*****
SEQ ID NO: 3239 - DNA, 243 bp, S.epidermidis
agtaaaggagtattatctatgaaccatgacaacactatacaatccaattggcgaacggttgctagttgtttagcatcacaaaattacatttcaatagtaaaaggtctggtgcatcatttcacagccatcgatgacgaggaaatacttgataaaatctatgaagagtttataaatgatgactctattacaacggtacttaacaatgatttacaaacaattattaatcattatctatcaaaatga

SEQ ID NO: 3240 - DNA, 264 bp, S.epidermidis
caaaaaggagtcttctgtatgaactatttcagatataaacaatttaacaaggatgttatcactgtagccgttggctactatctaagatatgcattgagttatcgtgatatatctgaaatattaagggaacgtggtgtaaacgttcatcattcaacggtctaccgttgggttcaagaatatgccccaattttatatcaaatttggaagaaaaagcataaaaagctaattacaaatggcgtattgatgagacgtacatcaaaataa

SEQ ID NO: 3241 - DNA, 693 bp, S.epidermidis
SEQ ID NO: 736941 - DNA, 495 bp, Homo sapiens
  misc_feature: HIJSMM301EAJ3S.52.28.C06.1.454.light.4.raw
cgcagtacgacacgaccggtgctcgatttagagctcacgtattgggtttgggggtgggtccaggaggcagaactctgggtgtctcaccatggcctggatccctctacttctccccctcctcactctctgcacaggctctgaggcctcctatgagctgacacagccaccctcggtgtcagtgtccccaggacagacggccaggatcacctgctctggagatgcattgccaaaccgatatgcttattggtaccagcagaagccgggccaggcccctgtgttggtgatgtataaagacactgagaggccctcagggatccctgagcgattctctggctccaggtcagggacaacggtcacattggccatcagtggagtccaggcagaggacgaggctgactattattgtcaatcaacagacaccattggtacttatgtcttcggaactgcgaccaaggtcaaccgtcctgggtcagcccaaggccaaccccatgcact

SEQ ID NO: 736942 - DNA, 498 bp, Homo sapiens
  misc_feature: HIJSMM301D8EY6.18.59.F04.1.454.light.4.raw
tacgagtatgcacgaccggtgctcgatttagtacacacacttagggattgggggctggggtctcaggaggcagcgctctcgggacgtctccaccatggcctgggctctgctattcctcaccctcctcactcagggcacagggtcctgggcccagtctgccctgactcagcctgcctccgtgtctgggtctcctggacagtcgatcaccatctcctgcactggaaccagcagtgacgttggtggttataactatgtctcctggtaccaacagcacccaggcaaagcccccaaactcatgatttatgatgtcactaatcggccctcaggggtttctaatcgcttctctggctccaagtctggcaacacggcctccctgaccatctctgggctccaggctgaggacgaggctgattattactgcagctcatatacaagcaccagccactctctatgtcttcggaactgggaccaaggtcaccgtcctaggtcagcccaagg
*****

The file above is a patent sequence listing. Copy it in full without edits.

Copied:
SEQ ID NO: 3239 - DNA, 243 bp, S.epidermidis
agtaaaggagtattatctatgaaccatgacaacactatacaatccaattggcgaacggttgctagttgtttagcatcacaaaattacatttcaatagtaaaaggtctggtgcatcatttcacagccatcgatgacgaggaaatacttgataaaatctatgaagagtttataaatgatgactctattacaacggtacttaacaatgatttacaaacaattattaatcattatctatcaaaatga

SEQ ID NO: 3240 - DNA, 264 bp, S.epidermidis
caaaaaggagtcttctgtatgaactatttcagatataaacaatttaacaaggatgttatcactgtagccgttggctactatctaagatatgcattgagttatcgtgatatatctgaaatattaagggaacgtggtgtaaacgttcatcattcaacggtctaccgttgggttcaagaatatgccccaattttatatcaaatttggaagaaaaagcataaaaagctaattacaaatggcgtattgatgagacgtacatcaaaataa

SEQ ID NO: 3241 - DNA, 693 bp, S.epidermidis
SEQ ID NO: 736941 - DNA, 495 bp, Homo sapiens
  misc_feature: HIJSMM301EAJ3S.52.28.C06.1.454.light.4.raw
cgcagtacgacacgaccggtgctcgatttagagctcacgtattgggtttgggggtgggtccaggaggcagaactctgggtgtctcaccatggcctggatccctctacttctccccctcctcactctctgcacaggctctgaggcctcctatgagctgacacagccaccctcggtgtcagtgtccccaggacagacggccaggatcacctgctctggagatgcattgccaaaccgatatgcttattggtaccagcagaagccgggccaggcccctgtgttggtgatgtataaagacactgagaggccctcagggatccctgagcgattctctggctccaggtcagggacaacggtcacattggccatcagtggagtccaggcagaggacgaggctgactattattgtcaatcaacagacaccattggtacttatgtcttcggaactgcgaccaaggtcaaccgtcctgggtcagcccaaggccaaccccatgcact

SEQ ID NO: 736942 - DNA, 498 bp, Homo sapiens
  misc_feature: HIJSMM301D8EY6.18.59.F04.1.454.light.4.raw
tacgagtatgcacgaccggtgctcgatttagtacacacacttagggattgggggctggggtctcaggaggcagcgctctcgggacgtctccaccatggcctgggctctgctattcctcaccctcctcactcagggcacagggtcctgggcccagtctgccctgactcagcctgcctccgtgtctgggtctcctggacagtcgatcaccatctcctgcactggaaccagcagtgacgttggtggttataactatgtctcctggtaccaacagcacccaggcaaagcccccaaactcatgatttatgatgtcactaatcggccctcaggggtttctaatcgcttctctggctccaagtctggcaacacggcctccctgaccatctctgggctccaggctgaggacgaggctgattattactgcagctcatatacaagcaccagccactctctatgtcttcggaactgggaccaaggtcaccgtcctaggtcagcccaagg